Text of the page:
31The Danish Plant Directorate. 2009. Rapport for 2008 om danske tilladelser til anvendelse af ikke-økologisk frø, læggekartofler og andet vegetativt formeringsmateriale I den økologiske produktionsmetode. Available at Web site http://pdir.fvm.dk/Rapporter_fra_2008.aspx?ID=11865 (verified September 14, 2010).Google Scholar
32Deleuran, L.C. and Boelt, B. 2010. Organic leek seed production – securing seed quality. Acta Horticulturae in press.Google Scholar
33Peerenboom, R. 2004. Putting organic seed production in perspective. In Challenges and Opportunities for Organic Agriculture and the Seed Industry. Proceedings of the First World Conference on Organic Seed, Rome, Italy, p. 68.Google Scholar
34Rubitschek, P. 2004. Use and availability if organic vegetable seed. In Challenges and Opportunities for Organic Agriculture and the Seed Industry. Proceedings of the First World Conference on Organic Seed, Rome, Italy, p. 5961.Google Scholar
35Lupton, D. 1996. Food, the Body and the Self. Sage, London.Google Scholar
36Greenwood, M.R.C. and Gershwin, M.E. 2010. Foods for health: A roadmap for the future. Annals of the New York Academy of Sciences 1190:ixx.CrossRefGoogle ScholarPubMed
37Grunert, K.G. 2010. European consumers' acceptance of funcitional foods. Annals of the New York Academy of Sciences 1190:166173.CrossRefGoogle Scholar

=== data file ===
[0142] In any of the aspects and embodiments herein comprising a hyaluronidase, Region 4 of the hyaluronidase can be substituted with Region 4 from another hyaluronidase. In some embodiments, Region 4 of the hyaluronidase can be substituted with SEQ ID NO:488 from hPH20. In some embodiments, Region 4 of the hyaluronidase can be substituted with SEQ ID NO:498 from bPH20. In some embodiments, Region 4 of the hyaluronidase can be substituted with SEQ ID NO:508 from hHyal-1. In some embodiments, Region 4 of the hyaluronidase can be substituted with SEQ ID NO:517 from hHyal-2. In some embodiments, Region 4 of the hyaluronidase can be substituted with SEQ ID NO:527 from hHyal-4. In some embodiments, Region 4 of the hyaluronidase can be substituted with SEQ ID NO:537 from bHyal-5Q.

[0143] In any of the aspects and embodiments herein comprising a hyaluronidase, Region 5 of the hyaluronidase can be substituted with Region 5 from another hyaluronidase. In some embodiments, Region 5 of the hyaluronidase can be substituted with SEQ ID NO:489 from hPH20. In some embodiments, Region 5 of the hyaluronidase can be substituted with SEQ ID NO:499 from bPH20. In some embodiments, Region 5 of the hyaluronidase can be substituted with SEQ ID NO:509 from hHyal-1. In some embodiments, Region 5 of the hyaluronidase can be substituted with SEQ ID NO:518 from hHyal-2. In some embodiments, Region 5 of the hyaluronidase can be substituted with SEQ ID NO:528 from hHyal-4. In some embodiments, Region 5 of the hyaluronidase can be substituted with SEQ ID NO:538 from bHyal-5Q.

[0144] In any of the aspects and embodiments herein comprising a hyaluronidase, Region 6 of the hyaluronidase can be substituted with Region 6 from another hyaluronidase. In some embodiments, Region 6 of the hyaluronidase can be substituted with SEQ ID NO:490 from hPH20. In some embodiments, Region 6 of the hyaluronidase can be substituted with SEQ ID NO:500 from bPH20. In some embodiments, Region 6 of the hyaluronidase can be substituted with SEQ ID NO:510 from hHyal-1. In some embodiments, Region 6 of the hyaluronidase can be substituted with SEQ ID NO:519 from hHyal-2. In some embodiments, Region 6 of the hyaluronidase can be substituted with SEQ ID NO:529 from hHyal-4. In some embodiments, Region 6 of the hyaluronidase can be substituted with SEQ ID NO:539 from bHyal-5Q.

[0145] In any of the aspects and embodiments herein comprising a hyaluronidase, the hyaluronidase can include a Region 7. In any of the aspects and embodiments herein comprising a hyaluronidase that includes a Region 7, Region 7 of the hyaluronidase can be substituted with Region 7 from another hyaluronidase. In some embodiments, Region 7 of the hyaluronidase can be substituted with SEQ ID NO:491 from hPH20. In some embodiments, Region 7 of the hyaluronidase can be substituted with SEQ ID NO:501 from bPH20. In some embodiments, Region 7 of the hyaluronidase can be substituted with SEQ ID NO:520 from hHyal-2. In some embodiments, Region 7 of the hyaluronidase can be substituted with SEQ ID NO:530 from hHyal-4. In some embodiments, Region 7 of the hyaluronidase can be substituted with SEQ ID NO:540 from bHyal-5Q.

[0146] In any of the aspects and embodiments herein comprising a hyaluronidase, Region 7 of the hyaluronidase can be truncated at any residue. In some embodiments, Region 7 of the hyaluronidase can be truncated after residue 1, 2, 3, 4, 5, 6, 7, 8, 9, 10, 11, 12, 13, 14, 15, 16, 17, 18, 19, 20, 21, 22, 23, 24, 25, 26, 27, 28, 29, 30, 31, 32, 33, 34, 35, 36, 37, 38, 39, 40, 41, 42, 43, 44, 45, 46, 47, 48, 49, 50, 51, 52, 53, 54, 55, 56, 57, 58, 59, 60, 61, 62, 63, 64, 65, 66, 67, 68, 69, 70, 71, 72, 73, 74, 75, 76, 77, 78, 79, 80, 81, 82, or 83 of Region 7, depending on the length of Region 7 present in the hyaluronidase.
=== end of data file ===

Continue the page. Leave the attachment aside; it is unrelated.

38Franke, A.A., Custer, L.J., Arakaki, C., and Murphy, S.P. 2004. Vitamin C and flavonoid levels of fruit and vegetables consumed in Hawaii. Journal of Food Composition and Analysis 17:135.CrossRefGoogle Scholar
39Hossimotto, N.M.A., Genovese, M.I., and Lajolo, F.M. 2005. Antioxidant activity of dietary fruits, vegetables, and commercial frozen fruit pulps. Journal of Agricultural and Food Chemistry 53:29282935.CrossRefGoogle Scholar
40Martínez-Sánchez, A., Gil-Izquierdo, A., Gil, M.I., and Ferreres, F. 2008. A comparative study of flavonoid compounds, vitamin C, and antioxidant properties of baby leaf Brassicaceae species. Journal of Agricultural and Food Chemistry 56:23302340.CrossRefGoogle ScholarPubMed
41Bogers, R.P. 2006. The future of horticultural science and education: A European perspective. Reportfrom the BeNeLux Society for Horticultural Science. 2006 Symposium.Google Scholar
42Salaün, Y. and Flores, K. 2001. Information quality: meeting the needs of the consumer. International Journal of Information Management 21:2137.CrossRefGoogle Scholar
43Shewfelt, R.L. 2006. Defining and meeting consumer requirements. Acta Horticulturae 712:3137.CrossRefGoogle Scholar
44Muramoto, J. 1999. Comparisons of nitrate content in leafy vegetables from organic and conventional farms in California. Report. Available at Web site http://www.agroecology.org/documents/Joji/leafnitrate.pdf (verified September 14, 2010).Google Scholar
45Black, J. 2009. The CSA that isn't one. Available at Web site http://www.gourmet.com/foodpolitics/2009/01/danish-csas (verified September 14, 2010).Google Scholar
46Denmarks Statistics. 2009. Available at Website http://www.dst.dk/pukora/epub/Nyt/2010/NR191.pdf (verified September 14, 2010).Google Scholar